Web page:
I have long argued that third party logistics providers (3PLs) should set themselves apart from the competition by fully harnessing the power and value of their customer and employee communities (see “If Operational Excellence is a Given, Then What Else Matters for 3PLs?” and “Operational Excellence is Not Enough–Why 3PLs Must Leverage Their Most Valuable Asset”). Take user/customer conferences as an example. While software vendors have been organizing user conferences for many years, the concept of bringing customers and employees together to engage in peer-to-peer learning and networking is still relatively new for most 3PLs.
But the tide is starting to change, as more 3PLs are either launching or expanding their customer engagement efforts this year. A couple of weeks ago, for example, I had the opportunity to speak at a forum organized by C.H. Robinson in Chicago (C.H. Robinson is a Talking Logistics sponsor). The event was held at Loyola University of Chicago in an MBA-like classroom with stadium seating. The “look and feel” of the room aligned nicely with the event’s goal: to provide C.H. Robinson’s employees and customers (more than 100 attendees in total) with an educational experience.
To facilitate peer-to-peer learning, the program was structured to encourage audience participation. I kicked things off with a discussion on supply chain risk management, leveraging some of my research and writings on this topic (see “Many Companies Falling Short on Supply Chain Risk Management” and “Rethinking Supply Chain Risk Management”). I approached the session like an Executive MBA class, engaging the audience throughout for their ideas and questions — and they did not disappoint! In fact, the audience stole my thunder a few times by raising points I had planned to discuss later in my presentation.
The highlight of the forum was the customer panel session. For confidentiality reasons, I won’t name the customers, but they represented a variety of industries and company sizes, and they work with C.H. Robinson in different ways. The conversation focused on four key topics: spend management, efficiency improvement, risk management, and change management. Without going into specifics, it was enlightening (not just for me, but for everyone in the room) to hear directly from customers about their views, strategies, priorities, and objectives related to these topics — and to note the common threads between them, and where their views and experiences differed and why. Simply put, the 90-minute discussion, driven by questions from the moderator and audience, was a great example of peer-to-peer learning in action.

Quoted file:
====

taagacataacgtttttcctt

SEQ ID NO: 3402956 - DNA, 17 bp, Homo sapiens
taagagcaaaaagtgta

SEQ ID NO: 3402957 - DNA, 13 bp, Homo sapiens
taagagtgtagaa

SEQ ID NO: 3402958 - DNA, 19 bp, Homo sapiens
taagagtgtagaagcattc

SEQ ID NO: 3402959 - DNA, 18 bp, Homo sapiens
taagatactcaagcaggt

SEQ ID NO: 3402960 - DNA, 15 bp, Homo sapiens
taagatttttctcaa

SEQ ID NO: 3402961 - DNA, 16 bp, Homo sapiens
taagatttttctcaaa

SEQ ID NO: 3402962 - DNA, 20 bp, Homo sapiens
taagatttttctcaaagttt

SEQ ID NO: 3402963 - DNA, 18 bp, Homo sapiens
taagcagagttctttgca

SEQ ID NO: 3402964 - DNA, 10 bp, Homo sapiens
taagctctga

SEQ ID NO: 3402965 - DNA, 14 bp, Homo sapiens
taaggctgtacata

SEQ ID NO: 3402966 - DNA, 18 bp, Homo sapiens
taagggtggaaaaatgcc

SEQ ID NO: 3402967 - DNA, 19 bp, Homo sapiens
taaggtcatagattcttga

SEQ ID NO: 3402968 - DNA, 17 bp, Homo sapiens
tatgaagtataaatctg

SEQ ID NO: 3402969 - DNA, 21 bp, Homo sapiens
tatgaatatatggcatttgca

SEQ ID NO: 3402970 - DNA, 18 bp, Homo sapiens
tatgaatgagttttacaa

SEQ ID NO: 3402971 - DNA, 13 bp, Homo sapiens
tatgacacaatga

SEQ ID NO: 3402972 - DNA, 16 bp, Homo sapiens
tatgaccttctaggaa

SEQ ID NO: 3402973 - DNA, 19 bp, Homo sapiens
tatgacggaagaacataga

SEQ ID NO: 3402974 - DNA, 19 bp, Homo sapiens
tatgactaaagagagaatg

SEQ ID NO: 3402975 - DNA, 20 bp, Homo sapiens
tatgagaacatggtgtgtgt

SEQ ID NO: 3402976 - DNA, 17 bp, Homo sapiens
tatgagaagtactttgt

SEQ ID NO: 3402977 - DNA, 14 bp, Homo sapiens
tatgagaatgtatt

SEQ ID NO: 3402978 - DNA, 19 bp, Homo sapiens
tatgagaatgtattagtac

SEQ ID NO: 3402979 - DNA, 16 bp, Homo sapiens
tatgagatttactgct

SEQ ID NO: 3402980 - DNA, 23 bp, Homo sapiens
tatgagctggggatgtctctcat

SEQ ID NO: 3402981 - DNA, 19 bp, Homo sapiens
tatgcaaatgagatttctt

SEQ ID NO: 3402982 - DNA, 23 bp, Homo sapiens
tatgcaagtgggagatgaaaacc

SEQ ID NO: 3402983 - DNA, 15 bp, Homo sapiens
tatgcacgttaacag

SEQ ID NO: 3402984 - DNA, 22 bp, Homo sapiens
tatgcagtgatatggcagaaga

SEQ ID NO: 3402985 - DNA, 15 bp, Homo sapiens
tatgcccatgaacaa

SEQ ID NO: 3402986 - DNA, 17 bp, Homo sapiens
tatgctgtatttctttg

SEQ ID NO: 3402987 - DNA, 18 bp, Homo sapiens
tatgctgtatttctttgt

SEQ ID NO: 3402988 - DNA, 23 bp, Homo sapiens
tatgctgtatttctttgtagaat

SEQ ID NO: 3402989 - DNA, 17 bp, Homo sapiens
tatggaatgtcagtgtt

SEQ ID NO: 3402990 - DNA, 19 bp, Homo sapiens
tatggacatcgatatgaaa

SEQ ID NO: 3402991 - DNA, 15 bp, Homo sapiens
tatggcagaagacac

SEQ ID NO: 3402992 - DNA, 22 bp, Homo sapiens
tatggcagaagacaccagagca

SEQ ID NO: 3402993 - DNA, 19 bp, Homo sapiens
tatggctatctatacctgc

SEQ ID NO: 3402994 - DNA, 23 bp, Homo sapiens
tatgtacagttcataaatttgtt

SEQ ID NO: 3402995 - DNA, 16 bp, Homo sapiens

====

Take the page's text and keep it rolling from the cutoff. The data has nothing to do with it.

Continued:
The forum concluded with a “fireside chat” between me and Chris O’Brien, Senior Vice President at C.H. Robinson, where we discussed several important factors necessary to calculate total landed cost and how companies can leverage TLC to derive supply chain benefits. Chris and I discussed this same topic in more detail in a recent episode of Talking Logistics (watch the short clip below where Chris talks about the importance of SKU-level data in determining total landed costs, and what insights companies can gain from having high-quality SKU-level data). We also discussed how near-shoring, omni-channel distribution, and natural gas vehicles are beginning to play an influential role in today’s supply chains, and what their impacts may be on future strategies.
The bottom line: as a survey I conducted a couple of years ago revealed, supply chain and logistics professionals view peer-to-peer learning and networking as the most valuable source of practical knowledge and advice.
Yet most 3PLs, despite having large and diverse sets of clients and employees, do a poor job of bringing these communities together to facilitate knowledge exchange and networking. The irony is that many 3PLs are working so hard these days to grow their social media communities (an effort I completely support and encourage), yet they continue to drop the ball when it comes to engaging their existing “real world” communities. As the attendees of C.H. Robinson’s forum would attest, spending an afternoon (or a day or two) with your peers and other industry professionals, sharing ideas, knowledge, and advice, is infinitely more valuable than picking up another follower on Twitter or Facebook, especially for the people who matter the most — your customers.